Fishmongers Explore Alternatives to Costly Copper River Salmon

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These guys will soon be sharing their ice with spring salmon.
With the start of Copper River salmon season just weeks away, local fishmongers are again wondering whether customers will pay the price the vaunted King salmon is expected to fetch this year.

Jon Rowley, the seafood marketer who helped thrust Copper River salmon to national prominence, doesn't know what this year's Copper River catch will command, but recalled paying $50 a pound for the "first taste of the season" in 2010. Walter Compare of City Fish Co., who's adamant he'll have the city's first Copper River salmon, anticipates charging $40 a pound.

Both men remain devoted fans of the oily Copper River king salmon, but acknowledge the high price point means there's an opportunity for other salmons to win consumer approval. Compare thinks the Taku River King salmon, which travels 200 miles up a southeastern Alaska river, could make inroads with budget-minded epicures.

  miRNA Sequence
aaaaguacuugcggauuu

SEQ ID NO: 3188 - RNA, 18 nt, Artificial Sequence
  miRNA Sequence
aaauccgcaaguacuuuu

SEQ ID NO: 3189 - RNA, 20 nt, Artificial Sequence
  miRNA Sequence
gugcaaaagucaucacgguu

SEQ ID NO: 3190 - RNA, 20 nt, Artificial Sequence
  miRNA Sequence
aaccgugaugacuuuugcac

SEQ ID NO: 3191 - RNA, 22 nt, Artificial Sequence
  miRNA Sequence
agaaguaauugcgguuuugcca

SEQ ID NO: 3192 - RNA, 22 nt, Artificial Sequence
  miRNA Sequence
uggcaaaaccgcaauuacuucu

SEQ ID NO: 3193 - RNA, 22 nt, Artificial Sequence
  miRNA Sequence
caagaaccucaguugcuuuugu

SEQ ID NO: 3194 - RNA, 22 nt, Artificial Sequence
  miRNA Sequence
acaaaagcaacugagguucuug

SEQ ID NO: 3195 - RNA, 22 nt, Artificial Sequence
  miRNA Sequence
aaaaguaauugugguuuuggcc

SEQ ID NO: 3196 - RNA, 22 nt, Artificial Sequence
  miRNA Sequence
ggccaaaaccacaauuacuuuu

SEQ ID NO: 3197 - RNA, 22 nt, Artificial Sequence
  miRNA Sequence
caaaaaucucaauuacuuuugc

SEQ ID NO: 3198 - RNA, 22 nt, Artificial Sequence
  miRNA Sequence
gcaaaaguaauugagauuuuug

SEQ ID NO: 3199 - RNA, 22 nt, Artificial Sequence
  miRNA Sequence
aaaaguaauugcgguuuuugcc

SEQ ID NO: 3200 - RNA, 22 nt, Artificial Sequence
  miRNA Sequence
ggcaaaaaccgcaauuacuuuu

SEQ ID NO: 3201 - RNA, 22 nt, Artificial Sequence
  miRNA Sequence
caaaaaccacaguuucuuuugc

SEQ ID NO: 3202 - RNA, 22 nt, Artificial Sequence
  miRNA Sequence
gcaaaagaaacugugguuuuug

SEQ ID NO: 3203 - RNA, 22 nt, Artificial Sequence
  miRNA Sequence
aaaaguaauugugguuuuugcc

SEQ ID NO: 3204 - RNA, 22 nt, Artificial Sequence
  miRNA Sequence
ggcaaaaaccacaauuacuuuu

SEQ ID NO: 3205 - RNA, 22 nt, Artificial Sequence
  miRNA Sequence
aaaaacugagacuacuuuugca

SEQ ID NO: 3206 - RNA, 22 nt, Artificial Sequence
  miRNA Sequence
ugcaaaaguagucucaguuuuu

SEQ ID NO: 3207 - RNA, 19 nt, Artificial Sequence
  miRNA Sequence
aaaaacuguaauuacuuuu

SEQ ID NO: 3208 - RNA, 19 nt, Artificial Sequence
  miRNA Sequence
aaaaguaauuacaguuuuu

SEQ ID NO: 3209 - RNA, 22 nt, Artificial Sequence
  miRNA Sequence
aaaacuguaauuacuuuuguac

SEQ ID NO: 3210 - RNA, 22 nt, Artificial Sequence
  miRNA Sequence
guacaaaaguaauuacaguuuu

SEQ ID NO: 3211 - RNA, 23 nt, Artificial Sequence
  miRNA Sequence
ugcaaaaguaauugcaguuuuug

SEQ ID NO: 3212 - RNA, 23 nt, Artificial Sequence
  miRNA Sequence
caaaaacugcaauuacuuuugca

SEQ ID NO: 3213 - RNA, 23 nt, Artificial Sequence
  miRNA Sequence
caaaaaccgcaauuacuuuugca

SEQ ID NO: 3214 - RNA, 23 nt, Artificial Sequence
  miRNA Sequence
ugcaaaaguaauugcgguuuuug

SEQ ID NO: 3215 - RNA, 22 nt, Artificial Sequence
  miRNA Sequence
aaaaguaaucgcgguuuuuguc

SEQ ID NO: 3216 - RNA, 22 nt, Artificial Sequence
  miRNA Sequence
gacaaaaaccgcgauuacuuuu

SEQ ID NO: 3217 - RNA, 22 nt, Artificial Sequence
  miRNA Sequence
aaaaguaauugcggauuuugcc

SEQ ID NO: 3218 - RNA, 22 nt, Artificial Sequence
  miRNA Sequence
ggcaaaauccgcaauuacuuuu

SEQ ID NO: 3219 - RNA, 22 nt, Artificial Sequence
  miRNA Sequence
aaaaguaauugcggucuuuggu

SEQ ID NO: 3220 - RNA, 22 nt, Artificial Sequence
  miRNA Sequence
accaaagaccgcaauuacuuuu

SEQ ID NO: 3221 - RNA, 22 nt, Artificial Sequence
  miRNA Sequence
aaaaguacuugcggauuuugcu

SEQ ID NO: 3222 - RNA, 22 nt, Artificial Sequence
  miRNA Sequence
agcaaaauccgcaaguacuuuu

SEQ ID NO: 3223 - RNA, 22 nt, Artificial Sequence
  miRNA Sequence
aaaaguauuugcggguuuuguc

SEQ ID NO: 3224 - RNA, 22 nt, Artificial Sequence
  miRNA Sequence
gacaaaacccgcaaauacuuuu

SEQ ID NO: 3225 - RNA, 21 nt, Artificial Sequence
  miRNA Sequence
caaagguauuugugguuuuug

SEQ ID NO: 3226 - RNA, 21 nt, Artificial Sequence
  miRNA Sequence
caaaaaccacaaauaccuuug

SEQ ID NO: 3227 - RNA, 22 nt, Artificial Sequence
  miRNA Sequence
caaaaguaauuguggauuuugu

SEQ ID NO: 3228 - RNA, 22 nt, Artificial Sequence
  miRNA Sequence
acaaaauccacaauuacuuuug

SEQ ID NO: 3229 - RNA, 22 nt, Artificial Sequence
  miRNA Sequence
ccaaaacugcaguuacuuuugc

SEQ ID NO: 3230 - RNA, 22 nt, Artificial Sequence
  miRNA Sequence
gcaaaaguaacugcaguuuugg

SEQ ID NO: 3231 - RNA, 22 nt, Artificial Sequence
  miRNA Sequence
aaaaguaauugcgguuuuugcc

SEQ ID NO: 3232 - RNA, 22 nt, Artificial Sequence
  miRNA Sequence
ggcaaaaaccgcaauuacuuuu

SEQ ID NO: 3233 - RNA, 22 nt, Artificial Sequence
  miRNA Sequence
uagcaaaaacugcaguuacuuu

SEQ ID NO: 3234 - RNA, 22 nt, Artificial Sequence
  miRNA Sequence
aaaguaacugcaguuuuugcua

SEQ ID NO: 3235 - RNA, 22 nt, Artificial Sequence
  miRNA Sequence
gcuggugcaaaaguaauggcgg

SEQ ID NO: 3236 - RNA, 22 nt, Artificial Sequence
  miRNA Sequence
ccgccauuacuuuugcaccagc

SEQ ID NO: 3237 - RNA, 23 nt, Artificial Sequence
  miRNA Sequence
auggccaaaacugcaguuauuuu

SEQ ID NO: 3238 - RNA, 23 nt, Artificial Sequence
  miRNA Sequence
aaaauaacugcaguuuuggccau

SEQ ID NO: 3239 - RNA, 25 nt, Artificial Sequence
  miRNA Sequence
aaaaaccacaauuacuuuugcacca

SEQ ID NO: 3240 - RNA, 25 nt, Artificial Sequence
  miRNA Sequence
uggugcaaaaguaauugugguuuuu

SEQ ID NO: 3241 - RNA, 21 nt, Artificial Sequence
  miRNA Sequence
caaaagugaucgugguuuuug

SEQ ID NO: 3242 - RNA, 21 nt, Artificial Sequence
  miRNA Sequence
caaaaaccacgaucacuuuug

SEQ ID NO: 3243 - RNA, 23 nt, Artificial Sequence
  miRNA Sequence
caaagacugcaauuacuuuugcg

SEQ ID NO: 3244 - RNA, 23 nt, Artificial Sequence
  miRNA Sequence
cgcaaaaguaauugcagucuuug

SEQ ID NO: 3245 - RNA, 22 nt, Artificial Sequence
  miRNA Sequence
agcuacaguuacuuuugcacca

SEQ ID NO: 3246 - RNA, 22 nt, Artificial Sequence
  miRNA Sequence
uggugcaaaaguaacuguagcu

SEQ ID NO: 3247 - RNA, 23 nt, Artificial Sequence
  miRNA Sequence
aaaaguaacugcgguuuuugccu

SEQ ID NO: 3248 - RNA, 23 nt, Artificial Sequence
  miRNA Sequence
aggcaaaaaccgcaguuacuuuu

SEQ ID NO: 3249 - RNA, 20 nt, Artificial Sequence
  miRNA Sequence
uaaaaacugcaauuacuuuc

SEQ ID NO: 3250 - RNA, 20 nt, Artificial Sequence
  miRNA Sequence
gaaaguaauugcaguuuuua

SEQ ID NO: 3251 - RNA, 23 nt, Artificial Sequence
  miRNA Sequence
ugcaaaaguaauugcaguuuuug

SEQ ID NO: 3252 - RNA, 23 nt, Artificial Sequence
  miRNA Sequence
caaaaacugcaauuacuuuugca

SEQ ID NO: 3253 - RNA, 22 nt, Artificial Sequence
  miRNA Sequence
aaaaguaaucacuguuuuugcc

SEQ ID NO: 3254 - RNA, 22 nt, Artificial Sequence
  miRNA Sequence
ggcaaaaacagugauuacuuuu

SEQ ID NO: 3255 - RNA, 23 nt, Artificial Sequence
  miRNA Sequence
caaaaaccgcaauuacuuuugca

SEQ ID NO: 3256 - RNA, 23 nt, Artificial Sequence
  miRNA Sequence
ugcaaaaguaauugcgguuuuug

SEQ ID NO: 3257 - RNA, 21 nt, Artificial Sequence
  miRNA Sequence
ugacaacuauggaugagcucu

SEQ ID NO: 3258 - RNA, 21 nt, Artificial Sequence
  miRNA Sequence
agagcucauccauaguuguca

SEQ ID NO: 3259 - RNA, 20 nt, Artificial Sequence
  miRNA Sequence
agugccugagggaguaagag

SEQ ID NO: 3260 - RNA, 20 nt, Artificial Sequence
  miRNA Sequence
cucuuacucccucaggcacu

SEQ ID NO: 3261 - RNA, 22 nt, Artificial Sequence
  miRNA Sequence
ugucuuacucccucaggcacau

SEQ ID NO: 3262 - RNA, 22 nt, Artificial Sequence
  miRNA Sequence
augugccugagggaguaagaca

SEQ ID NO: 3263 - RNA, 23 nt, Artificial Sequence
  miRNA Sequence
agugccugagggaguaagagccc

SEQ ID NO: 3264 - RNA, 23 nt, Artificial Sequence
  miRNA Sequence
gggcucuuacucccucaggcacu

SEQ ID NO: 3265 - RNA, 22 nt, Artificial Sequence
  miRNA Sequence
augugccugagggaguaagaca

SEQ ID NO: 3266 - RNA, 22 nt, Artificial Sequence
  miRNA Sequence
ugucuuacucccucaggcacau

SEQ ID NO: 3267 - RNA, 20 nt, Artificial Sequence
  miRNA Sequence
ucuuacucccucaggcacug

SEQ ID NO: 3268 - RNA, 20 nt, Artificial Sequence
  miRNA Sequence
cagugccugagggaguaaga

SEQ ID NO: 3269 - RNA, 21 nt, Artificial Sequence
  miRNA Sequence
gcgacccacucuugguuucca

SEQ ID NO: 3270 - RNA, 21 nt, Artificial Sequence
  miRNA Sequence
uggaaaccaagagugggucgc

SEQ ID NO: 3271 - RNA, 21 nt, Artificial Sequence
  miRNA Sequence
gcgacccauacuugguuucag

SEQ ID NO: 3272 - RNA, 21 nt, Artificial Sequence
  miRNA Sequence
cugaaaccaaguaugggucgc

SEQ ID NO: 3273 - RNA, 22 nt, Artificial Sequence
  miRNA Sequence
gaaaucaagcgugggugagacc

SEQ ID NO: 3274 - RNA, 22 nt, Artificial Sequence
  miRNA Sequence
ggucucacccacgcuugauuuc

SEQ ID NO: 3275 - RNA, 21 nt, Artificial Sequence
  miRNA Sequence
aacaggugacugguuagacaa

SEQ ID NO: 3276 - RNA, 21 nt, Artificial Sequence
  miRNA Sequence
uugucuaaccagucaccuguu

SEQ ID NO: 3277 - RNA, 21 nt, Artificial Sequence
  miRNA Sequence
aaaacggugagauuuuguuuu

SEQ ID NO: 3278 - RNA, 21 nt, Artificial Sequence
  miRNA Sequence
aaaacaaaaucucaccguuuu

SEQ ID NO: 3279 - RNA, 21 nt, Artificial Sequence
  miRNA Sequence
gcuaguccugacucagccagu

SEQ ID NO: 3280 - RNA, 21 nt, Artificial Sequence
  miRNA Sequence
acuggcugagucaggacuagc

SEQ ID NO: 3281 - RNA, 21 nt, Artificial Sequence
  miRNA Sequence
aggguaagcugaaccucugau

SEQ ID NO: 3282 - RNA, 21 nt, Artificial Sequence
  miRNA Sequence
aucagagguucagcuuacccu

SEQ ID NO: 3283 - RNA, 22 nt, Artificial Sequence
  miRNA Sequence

"It's a good salmon," Compare says. "It's a nice big King from a gill-net fishery. Real good, middle-of-the-road."

Compare should start selling the Taku River King in mid-May. Like many other local fishmongers, he'll also be carrying salmon from Oregon and California, two salmon fisheries which were closed last year. Although the California salmon tend to be "a little softer" because of warmer waters, he says the fish could also serve as an excellent consolation prize for customers who can't afford Copper River salmon.

Between the upper echelons of the salmon kingdom and the frozen farmed filets pawned off at supermarkets, "there's plenty of room for premium salmons," Compare says.

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